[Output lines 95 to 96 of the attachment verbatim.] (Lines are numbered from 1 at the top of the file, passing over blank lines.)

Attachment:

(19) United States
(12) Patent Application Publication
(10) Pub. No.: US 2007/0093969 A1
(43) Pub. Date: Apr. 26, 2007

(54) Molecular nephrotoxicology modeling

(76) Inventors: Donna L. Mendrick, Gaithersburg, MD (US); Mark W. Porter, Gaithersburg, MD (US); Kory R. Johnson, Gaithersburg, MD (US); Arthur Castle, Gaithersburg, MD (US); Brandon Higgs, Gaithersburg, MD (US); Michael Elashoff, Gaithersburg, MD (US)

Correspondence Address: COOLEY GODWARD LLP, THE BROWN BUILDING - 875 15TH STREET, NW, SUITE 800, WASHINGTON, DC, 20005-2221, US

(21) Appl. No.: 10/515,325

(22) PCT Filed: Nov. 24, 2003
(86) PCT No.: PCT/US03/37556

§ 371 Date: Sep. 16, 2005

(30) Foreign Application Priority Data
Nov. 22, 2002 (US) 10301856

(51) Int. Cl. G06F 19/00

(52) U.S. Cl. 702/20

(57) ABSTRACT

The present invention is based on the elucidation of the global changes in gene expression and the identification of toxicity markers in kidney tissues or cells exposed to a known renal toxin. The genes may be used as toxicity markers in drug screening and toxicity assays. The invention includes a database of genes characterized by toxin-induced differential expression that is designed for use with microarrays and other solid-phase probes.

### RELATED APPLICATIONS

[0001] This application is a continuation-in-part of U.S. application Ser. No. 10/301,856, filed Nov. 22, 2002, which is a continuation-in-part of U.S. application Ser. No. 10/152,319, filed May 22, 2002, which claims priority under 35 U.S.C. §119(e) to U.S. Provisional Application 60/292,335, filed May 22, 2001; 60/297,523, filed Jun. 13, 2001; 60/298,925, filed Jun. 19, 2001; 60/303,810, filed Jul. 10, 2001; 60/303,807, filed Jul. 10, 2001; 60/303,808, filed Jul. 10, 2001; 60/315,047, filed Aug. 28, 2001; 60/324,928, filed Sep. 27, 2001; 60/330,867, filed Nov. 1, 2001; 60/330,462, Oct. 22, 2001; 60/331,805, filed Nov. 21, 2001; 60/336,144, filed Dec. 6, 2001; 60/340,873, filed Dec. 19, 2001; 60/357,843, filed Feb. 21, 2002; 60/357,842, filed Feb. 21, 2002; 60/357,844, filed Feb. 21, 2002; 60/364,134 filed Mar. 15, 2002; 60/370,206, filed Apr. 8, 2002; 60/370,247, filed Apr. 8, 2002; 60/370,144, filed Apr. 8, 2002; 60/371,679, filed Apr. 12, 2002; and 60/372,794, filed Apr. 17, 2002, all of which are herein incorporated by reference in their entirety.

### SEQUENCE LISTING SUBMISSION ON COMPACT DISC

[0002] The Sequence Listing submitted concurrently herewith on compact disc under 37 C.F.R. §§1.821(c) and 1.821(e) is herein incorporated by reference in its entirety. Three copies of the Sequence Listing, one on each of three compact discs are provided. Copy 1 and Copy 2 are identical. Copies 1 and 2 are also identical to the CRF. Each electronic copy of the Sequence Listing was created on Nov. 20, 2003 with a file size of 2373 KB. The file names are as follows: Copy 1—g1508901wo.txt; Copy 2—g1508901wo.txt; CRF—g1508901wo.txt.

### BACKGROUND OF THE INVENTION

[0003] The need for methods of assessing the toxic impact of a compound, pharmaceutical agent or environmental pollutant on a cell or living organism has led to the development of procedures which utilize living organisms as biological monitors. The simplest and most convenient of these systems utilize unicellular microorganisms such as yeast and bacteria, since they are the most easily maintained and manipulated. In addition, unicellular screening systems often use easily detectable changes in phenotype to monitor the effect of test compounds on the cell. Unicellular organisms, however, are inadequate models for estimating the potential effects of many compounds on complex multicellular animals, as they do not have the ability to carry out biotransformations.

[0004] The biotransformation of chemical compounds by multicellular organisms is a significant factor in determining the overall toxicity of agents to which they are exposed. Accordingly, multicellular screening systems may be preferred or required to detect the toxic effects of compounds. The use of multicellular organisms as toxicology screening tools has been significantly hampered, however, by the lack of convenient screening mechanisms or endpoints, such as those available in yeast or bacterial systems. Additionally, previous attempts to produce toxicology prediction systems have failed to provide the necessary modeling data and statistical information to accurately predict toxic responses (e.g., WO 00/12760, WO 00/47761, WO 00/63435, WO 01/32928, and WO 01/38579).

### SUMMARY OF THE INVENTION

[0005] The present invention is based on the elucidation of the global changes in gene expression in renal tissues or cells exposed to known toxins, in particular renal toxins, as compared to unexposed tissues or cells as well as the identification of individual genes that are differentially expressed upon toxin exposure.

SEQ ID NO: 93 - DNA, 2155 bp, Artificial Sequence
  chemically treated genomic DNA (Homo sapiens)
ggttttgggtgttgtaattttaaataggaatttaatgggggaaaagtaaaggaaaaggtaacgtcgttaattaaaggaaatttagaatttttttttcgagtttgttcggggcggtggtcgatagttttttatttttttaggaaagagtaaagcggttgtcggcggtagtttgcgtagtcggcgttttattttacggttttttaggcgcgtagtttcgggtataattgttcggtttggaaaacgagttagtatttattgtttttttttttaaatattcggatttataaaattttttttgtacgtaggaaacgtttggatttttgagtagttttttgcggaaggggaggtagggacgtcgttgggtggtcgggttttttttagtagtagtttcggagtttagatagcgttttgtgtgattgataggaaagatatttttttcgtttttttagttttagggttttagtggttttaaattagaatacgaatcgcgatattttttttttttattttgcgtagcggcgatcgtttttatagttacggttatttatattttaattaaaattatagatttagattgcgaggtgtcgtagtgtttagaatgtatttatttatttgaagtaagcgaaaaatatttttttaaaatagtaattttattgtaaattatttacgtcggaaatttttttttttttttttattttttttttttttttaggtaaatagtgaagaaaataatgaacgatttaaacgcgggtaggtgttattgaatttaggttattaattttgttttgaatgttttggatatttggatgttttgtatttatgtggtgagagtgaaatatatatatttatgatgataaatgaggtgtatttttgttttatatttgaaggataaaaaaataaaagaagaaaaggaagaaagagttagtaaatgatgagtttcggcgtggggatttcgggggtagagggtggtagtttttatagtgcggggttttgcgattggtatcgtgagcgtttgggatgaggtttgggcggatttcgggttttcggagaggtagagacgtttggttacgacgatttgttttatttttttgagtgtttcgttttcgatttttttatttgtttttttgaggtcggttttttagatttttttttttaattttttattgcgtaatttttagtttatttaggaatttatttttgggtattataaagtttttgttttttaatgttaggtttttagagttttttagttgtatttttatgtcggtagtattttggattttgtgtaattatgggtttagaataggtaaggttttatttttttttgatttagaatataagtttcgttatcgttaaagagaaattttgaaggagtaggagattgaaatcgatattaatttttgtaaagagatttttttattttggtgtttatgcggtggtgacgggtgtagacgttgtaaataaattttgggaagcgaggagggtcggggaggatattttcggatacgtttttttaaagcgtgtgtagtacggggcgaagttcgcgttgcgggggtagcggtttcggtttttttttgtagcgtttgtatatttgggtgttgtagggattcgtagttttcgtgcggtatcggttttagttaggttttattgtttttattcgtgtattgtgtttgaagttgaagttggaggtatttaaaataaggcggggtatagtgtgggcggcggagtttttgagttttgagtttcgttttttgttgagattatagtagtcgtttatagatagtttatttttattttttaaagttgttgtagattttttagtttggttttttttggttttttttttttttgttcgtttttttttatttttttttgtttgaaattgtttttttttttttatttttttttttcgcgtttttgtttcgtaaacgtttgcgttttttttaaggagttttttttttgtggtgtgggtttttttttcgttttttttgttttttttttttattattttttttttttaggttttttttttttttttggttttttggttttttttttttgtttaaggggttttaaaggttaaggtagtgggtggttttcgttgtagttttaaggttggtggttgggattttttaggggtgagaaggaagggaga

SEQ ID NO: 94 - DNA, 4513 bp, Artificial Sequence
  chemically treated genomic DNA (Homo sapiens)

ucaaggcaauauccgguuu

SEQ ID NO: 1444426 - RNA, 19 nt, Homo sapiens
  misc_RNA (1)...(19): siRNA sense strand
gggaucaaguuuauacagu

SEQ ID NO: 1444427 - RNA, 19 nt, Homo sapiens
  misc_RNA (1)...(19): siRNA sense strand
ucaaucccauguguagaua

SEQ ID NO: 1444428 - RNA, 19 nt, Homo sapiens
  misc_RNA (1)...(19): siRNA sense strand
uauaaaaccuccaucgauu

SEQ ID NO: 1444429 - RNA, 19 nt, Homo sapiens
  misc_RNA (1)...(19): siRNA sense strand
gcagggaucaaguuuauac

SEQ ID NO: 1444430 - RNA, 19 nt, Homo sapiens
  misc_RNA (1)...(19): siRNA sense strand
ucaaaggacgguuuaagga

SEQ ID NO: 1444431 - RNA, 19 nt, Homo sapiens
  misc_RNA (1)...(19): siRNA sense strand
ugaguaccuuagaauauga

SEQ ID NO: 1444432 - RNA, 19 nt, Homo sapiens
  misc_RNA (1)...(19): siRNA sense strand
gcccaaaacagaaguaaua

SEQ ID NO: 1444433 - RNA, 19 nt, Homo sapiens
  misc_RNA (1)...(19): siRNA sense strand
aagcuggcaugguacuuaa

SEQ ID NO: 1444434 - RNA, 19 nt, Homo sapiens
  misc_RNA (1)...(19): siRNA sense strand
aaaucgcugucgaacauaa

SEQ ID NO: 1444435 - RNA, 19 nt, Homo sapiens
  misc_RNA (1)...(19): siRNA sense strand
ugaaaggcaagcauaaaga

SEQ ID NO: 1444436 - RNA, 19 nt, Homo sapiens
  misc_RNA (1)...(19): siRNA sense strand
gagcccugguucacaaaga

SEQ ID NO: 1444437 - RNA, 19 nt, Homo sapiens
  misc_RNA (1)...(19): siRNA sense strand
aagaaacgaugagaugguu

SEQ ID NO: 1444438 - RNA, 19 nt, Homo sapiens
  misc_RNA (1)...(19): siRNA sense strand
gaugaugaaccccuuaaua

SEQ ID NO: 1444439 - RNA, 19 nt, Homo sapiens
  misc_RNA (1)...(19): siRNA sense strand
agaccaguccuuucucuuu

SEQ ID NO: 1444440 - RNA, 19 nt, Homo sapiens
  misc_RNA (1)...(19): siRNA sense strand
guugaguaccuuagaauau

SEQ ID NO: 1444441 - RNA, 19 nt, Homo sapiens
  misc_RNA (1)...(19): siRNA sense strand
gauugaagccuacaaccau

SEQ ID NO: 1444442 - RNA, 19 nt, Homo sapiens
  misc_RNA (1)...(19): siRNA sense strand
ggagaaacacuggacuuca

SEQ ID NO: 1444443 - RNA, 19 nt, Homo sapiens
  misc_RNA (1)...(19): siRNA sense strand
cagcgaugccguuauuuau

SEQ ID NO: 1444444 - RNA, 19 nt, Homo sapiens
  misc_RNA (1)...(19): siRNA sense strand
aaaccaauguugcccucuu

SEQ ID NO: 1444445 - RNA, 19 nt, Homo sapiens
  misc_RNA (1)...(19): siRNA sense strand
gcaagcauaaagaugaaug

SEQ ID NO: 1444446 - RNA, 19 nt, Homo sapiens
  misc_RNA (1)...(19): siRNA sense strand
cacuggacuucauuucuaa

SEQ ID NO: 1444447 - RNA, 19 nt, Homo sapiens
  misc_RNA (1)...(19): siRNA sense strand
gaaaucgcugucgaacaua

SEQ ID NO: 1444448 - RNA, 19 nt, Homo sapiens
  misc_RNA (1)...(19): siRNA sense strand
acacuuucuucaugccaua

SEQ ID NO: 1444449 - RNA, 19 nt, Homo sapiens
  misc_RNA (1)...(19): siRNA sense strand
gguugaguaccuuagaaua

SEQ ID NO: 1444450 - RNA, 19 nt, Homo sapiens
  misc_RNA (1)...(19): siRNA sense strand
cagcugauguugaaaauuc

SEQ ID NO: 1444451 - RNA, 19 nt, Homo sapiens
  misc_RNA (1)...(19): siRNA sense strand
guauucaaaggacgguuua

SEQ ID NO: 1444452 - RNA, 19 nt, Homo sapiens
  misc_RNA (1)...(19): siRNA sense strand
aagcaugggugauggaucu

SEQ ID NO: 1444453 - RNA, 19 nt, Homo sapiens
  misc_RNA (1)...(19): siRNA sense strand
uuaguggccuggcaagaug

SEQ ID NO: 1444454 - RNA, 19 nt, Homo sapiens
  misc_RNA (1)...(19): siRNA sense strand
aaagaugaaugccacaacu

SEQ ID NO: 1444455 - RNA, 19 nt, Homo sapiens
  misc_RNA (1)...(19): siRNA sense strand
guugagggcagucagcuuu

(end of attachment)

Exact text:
cacuggacuucauuucuaa

SEQ ID NO: 1444447 - RNA, 19 nt, Homo sapiens